Posts tagged with "House Minority Leader Kevin McCarthy"

One and done: Representative Madison Cawthorn loses North Carolina GOP primary

May 19, 2022

It’s one term and done for controversial Representative Madison Cawthorn. The 26-year-old right-wing firebrand was beaten by North Carolina State Senator Chuck Edwards in the May 17 Republican primary contest for the right to represent the solid-red 11th Congressional District, reports the New York Post.

Edwards topped the embattled Cawthorn by a razor-thin margin Tuesday, with 33% of the vote over Cawthorn’s 31%. Edwards, who called himself a Washington outsider, cleared the 30% threshold needed to avoid a July runoff—and Cawthorn has conceded.

According to the Post, Cawthorn had drawn the ire of his fellow Republicans over several controversial statements—including claims that lawmakers had invited him to orgies and snorted cocaine in front of him.

Cawthorn was viewed as a rising star in the GOP when he won the election in 2020 to replace then-Trump White House Chief of Staff Mark Meadows, but a series of public missteps dogged his first term in office.

In March, Cawthorn called Ukrainian President Volodymyr Zelensky a “thug” in charge of an “incredibly evil” government. The lawmaker was also twice arrested trying to carry a gun on an airplane and has been accused by a former aide of denying her emergency leave after her husband suffered a heart attack.

But what really outraged Cawthorn’s Capitol Hill colleagues were comments he made on a podcast in late March that likened Congress to the fictional TV series “House of Cards.”

“The sexual perversion that goes on in Washington, I mean, being kind of a young guy in Washington, where the average age is probably 60 or 70—[you] look at all these people, a lot of them that I’ve looked up to through my life … Then all of a sudden you get invited. ‘We’re going to have a sexual get-together at one of our homes, you should come.’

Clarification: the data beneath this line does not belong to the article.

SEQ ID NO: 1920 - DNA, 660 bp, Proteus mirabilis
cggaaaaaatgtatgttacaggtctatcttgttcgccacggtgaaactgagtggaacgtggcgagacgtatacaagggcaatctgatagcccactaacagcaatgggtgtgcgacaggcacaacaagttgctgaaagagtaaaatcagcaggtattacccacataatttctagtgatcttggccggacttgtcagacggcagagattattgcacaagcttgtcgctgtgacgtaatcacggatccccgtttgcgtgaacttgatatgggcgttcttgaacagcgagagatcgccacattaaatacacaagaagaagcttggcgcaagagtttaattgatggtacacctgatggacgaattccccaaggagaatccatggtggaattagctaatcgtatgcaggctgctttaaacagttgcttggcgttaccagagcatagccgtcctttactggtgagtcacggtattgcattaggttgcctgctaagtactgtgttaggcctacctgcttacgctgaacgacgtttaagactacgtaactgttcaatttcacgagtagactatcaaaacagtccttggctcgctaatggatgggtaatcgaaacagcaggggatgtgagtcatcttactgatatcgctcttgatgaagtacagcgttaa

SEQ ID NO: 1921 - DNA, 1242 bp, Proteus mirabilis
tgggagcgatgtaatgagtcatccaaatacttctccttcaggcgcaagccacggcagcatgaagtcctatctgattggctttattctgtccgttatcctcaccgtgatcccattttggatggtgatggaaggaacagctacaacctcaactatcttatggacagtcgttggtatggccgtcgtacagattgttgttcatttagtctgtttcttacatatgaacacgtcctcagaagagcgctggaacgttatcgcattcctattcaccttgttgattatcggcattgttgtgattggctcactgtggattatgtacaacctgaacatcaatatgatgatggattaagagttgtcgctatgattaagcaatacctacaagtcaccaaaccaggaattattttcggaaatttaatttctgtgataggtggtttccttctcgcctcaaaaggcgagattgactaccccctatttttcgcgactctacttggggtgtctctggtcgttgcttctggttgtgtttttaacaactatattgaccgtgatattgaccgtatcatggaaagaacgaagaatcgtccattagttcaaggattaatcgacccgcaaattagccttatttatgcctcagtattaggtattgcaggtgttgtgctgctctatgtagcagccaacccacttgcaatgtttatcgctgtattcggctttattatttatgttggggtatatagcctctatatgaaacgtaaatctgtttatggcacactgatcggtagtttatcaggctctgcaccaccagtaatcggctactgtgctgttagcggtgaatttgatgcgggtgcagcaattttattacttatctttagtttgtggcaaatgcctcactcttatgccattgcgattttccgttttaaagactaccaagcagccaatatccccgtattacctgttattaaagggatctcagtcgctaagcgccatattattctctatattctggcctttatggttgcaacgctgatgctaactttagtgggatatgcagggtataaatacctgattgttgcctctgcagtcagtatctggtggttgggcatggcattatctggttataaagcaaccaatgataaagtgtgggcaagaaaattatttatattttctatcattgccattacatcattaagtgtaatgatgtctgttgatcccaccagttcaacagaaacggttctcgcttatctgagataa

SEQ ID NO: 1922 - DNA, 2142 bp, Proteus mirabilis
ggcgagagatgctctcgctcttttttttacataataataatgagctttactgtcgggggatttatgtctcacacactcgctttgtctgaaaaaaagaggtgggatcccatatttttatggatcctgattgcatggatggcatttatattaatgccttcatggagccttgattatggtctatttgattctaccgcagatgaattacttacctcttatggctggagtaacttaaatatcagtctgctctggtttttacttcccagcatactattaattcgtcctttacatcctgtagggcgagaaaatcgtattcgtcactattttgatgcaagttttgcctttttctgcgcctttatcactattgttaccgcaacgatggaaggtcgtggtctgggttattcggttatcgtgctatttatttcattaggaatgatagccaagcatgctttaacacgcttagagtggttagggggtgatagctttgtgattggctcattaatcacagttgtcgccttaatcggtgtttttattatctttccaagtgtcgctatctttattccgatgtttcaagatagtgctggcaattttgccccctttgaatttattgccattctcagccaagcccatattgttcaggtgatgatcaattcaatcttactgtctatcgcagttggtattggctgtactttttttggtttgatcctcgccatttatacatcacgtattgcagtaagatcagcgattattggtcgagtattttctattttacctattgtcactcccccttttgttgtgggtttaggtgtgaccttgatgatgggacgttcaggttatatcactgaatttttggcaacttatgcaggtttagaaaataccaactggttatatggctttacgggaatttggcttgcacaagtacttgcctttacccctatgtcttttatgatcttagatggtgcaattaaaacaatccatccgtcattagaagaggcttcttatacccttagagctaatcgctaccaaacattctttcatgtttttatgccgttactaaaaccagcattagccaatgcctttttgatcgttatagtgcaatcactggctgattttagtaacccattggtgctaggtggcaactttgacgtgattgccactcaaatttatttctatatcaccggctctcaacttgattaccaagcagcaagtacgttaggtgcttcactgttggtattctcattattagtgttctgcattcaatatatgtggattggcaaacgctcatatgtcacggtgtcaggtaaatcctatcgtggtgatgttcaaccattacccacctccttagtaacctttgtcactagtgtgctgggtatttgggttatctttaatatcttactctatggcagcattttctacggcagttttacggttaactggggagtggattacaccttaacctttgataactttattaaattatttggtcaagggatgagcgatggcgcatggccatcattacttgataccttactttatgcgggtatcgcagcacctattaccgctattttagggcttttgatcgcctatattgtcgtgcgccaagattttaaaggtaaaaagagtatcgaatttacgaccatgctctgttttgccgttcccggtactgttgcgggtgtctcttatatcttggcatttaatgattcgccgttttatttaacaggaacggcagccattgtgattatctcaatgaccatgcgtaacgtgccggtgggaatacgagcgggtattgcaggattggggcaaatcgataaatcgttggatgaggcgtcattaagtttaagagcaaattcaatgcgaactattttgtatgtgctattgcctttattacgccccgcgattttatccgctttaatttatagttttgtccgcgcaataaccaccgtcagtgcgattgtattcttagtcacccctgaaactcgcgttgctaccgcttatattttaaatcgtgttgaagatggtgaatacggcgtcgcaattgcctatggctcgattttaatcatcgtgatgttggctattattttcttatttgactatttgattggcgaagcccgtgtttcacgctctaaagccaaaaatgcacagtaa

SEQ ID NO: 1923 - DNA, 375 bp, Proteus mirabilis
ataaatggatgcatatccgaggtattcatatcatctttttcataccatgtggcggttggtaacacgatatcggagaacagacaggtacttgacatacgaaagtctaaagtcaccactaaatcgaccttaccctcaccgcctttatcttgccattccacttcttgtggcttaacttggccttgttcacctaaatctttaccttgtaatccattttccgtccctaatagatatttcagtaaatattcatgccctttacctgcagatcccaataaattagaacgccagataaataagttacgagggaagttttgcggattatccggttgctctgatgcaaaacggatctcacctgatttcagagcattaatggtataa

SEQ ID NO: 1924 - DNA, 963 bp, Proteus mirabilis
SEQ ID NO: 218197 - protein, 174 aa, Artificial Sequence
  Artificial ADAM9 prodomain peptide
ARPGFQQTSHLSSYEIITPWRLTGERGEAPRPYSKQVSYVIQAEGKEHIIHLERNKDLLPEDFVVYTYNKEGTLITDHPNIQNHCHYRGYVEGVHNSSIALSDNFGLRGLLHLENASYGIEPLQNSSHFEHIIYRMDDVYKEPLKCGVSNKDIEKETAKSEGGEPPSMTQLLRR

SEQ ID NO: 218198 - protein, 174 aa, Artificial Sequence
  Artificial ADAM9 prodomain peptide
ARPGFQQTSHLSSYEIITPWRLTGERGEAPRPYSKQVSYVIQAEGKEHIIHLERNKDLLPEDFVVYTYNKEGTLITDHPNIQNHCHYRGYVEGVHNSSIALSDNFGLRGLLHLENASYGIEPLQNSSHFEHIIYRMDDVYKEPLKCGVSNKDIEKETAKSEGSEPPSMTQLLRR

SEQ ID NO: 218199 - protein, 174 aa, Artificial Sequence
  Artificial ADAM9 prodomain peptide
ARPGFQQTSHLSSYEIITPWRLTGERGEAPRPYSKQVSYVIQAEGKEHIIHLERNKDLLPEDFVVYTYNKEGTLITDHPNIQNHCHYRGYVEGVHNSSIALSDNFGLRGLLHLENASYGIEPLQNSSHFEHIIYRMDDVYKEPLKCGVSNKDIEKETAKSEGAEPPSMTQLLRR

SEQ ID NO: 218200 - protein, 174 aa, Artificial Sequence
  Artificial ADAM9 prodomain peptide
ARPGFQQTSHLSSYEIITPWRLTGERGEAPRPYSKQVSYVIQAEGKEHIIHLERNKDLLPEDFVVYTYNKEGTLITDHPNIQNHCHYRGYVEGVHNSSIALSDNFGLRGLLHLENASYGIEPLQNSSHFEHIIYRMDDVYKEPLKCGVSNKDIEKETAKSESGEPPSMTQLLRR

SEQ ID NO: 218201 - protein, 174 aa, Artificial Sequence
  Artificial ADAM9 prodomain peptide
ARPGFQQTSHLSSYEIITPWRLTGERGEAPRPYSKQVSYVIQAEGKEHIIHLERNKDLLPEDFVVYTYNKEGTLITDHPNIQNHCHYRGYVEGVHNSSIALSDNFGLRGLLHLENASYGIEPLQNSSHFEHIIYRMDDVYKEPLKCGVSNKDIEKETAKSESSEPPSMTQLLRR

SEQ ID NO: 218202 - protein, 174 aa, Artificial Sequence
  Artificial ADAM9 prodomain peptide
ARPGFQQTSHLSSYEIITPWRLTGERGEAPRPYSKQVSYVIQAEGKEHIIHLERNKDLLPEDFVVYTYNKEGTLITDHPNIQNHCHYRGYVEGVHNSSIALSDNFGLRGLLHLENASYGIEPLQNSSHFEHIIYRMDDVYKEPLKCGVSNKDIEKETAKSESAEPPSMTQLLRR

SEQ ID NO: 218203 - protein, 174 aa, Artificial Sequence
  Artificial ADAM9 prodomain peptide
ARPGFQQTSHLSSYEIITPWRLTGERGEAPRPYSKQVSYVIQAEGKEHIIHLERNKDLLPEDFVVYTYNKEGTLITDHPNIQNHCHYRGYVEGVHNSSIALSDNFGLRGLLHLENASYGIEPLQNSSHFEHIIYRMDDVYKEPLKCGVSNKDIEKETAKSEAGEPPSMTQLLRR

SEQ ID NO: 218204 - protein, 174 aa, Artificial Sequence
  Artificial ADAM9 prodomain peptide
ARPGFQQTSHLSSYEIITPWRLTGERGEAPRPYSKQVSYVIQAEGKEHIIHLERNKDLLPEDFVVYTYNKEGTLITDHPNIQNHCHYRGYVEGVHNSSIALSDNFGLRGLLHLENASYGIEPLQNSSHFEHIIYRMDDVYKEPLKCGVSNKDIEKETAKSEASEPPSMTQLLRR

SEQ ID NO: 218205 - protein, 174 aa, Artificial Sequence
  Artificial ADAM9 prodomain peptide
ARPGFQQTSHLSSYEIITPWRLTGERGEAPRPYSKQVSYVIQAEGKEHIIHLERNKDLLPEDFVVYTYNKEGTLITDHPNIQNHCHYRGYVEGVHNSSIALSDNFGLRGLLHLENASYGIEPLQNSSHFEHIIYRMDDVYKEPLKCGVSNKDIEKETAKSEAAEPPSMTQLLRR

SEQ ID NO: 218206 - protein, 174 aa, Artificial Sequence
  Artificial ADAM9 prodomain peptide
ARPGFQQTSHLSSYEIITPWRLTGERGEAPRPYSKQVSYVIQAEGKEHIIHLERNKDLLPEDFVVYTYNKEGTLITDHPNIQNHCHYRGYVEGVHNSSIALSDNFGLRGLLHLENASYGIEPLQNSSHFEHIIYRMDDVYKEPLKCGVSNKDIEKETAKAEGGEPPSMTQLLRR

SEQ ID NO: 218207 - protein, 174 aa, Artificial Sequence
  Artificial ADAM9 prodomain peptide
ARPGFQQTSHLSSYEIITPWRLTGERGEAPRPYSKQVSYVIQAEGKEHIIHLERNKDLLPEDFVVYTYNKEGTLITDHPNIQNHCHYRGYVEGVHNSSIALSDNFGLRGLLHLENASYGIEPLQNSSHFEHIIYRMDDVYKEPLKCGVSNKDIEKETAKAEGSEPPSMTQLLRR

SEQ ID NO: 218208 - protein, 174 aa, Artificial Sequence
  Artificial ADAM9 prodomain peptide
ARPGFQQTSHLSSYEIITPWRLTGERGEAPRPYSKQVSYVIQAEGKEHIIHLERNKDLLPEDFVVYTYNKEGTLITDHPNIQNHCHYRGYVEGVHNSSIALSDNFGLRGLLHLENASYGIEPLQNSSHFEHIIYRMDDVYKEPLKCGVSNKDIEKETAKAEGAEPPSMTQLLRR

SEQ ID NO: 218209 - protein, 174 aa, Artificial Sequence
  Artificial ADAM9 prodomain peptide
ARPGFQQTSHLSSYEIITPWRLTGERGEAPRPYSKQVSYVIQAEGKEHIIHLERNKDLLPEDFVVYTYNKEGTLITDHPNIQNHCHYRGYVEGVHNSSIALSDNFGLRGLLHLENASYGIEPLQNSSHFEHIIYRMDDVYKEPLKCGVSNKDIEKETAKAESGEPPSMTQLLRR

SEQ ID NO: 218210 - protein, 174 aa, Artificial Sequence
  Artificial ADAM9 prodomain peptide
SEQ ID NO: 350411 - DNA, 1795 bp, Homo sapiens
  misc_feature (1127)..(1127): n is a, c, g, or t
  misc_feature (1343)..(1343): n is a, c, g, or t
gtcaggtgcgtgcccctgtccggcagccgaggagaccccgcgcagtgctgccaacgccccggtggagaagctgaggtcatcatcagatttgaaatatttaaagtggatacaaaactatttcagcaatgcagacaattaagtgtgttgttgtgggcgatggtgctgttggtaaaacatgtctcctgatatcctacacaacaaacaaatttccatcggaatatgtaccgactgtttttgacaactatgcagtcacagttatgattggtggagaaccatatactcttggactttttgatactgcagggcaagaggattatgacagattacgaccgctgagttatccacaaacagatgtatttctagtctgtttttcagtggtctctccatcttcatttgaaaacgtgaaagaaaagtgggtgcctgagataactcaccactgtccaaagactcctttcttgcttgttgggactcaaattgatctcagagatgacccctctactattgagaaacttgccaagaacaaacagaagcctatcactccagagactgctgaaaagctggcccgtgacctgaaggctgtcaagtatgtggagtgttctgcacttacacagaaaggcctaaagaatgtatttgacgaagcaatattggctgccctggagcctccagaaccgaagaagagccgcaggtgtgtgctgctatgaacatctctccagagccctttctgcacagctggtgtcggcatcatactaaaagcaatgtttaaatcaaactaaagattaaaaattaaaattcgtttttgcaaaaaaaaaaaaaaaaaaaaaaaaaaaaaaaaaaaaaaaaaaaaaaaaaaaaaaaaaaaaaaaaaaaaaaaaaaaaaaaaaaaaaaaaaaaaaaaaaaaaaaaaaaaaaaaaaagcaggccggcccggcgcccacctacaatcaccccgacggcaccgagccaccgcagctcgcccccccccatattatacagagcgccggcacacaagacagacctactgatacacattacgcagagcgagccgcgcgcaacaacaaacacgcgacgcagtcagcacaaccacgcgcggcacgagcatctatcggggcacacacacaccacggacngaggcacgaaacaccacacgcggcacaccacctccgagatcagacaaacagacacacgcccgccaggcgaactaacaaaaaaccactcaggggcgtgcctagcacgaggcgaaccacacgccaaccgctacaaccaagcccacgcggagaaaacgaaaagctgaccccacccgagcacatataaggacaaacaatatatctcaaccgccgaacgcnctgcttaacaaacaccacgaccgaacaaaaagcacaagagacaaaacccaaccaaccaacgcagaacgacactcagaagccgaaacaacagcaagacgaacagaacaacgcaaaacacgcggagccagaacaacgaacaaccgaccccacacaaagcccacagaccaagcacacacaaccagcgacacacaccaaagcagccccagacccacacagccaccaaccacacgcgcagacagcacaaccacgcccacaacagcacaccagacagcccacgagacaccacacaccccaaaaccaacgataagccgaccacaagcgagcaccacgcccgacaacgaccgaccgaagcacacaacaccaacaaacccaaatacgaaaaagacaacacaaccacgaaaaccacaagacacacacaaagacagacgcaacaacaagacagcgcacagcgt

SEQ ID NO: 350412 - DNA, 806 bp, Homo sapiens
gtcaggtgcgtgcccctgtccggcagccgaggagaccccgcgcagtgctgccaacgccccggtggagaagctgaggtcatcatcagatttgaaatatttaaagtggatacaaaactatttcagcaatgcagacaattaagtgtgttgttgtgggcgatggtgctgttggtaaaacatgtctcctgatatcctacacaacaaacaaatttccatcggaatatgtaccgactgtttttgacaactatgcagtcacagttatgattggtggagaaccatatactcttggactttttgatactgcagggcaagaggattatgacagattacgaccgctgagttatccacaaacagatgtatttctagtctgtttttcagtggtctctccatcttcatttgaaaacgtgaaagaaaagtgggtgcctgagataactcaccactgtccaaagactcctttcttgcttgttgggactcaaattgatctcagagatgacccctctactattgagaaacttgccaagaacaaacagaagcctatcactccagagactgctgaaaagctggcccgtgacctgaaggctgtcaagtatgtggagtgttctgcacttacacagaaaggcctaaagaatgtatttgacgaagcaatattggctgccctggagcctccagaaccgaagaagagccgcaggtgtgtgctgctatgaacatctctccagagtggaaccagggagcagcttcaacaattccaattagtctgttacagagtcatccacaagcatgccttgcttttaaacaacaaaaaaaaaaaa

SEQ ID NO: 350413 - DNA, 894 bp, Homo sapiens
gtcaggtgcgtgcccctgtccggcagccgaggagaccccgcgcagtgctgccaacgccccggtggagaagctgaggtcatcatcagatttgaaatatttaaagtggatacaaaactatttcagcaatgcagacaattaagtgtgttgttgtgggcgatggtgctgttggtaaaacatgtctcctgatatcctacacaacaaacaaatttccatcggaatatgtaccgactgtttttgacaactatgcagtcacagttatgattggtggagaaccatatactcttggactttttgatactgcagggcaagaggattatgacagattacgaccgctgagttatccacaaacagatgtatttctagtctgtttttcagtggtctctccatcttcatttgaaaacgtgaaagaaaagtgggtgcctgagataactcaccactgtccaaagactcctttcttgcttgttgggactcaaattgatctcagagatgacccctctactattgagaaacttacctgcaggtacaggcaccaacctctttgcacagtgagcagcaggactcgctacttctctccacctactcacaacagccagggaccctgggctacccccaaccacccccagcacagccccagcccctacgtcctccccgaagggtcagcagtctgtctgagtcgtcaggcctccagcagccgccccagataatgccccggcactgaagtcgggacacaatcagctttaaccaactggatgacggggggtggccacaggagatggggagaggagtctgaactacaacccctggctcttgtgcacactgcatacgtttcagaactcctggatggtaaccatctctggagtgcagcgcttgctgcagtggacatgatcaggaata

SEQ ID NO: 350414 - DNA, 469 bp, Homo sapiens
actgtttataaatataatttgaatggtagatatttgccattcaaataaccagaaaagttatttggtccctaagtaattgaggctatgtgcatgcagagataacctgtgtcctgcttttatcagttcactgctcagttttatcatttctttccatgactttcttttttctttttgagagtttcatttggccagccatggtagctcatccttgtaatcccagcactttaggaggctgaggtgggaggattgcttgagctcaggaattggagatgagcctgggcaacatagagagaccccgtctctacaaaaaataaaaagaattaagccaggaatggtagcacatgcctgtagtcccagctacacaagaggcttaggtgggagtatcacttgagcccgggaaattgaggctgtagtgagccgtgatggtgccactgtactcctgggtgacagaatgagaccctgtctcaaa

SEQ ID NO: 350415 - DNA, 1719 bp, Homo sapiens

“‘What did you just ask me to come to?’ And then you realize they’re asking you to come to an orgy,” he said, later adding: “You watch them do a bump of cocaine right in front of you, and it’s like, ‘This is wild.’”

That earned Cawthorn a scolding from House Minority Leader Kevin McCarthy (R-California), who told reporters the North Carolinian had “lost my trust” and would “have to earn it back.”

One Republican who stuck by Cawthorn was former President Donald Trump, who issued a special appeal Tuesday on his Truth Social platform.

“When Madison was first elected to Congress, he did a great job,” the 45th president wrote. “Recently, he made some foolish mistakes, which I don’t believe he’ll make again … let’s give Madison a second chance.”

Research contact: @nypost

New Hampshire governor says out loud what many Republicans think about Donald Trump

April 5, 2022

Over the weekend, New Hampshire Governor Chris Sununu, a Republican, spoke at the Gridiron dinner, an annual gathering of Washington media and political types. And he let ‘er rip on Donald Trump, reports CNN.

“He’s f—ing crazy!” Sununu saidaccording to Politico. “The press often will ask me if I think Donald Trump is crazy. And I’ll say it this way: I don’t think he’s so crazy that you could put him in a mental institution. But I think if he were in one, he ain’t getting out!”

Now, the Gridiron is a roast of sorts—a usually polite send-up of Washington’s political culture. So, yes, Sununu was “joking,” notes CNN. But like all good humor, there’s a kernel of truth in what he had to say.